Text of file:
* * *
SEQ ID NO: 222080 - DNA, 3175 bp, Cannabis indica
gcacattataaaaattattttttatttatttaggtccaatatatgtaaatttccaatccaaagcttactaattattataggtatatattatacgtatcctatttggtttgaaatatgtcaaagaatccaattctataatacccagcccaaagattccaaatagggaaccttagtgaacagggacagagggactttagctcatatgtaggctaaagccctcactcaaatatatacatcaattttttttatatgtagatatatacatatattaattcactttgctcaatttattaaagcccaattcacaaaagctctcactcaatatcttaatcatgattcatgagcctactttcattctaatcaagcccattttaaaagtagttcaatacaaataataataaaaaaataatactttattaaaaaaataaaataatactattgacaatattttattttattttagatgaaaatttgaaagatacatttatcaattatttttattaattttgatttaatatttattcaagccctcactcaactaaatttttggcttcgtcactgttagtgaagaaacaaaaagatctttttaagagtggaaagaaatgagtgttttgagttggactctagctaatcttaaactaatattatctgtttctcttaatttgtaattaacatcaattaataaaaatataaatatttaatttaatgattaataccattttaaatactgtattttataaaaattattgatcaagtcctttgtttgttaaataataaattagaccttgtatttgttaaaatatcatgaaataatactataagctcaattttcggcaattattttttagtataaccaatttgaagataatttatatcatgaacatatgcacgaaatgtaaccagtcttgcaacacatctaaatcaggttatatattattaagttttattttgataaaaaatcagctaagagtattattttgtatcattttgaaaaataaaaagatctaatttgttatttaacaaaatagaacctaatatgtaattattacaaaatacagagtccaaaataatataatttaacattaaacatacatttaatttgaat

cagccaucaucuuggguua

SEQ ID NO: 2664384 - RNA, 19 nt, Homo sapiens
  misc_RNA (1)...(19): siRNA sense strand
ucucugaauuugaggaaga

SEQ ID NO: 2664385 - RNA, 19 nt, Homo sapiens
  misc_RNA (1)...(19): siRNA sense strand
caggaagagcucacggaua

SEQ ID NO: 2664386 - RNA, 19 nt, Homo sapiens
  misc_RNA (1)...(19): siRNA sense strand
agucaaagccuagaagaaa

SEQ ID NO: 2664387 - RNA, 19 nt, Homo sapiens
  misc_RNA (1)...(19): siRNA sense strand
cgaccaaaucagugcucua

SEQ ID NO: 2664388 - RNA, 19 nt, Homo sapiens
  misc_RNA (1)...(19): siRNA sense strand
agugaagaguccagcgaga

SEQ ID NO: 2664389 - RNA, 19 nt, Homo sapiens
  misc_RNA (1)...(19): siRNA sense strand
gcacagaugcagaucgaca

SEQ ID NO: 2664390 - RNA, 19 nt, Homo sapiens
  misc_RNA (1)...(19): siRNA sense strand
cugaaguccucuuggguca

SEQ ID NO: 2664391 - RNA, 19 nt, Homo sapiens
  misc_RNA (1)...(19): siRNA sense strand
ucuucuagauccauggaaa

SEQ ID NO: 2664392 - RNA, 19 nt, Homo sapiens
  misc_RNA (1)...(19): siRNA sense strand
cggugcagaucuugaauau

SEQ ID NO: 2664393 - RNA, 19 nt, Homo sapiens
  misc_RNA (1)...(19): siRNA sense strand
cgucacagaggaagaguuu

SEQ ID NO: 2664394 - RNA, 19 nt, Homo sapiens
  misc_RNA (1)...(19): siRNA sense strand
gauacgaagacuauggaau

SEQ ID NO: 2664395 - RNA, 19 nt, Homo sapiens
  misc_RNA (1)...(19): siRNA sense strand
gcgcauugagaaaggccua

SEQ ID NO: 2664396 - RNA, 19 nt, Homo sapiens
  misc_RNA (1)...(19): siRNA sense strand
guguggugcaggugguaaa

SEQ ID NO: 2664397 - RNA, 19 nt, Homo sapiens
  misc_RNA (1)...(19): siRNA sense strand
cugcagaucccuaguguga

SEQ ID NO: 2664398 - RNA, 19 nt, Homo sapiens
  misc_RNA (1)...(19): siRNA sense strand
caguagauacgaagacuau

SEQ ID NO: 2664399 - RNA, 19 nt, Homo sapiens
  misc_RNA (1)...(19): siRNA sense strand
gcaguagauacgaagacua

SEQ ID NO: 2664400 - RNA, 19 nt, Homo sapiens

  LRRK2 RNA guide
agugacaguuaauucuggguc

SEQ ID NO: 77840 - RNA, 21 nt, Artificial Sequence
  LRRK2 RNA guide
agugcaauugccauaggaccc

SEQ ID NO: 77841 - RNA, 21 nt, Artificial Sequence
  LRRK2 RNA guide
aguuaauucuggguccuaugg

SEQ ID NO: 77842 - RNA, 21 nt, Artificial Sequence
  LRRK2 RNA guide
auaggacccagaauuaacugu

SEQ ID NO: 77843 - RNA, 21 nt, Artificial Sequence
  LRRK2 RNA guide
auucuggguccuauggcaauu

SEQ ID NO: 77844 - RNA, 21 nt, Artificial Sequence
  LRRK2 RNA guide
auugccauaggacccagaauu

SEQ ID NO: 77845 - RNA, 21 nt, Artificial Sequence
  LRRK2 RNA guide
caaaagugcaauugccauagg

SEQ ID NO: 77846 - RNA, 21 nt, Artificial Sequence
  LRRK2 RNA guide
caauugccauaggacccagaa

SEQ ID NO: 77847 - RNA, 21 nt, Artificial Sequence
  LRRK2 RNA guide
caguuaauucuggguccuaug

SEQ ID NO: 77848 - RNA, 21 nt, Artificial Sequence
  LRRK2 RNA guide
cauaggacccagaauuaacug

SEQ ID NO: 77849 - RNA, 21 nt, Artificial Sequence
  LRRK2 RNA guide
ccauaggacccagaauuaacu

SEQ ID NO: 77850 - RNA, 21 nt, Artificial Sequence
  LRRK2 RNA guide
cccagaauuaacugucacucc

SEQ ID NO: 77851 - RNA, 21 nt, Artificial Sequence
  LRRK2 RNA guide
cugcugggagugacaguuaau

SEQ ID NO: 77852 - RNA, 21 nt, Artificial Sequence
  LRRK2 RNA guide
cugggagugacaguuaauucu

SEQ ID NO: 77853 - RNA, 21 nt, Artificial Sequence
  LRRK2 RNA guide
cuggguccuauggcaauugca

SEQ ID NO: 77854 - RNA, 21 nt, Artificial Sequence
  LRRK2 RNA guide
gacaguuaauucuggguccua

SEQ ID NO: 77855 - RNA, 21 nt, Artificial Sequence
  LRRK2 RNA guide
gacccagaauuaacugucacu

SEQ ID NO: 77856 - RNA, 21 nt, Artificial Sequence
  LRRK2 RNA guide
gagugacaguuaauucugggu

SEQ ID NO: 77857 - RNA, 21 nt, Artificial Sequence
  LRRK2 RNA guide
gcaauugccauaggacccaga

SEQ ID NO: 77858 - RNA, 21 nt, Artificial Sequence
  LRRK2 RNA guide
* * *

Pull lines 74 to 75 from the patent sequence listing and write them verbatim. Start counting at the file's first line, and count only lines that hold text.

  LRRK2 RNA guide
caauugccauaggacccagaa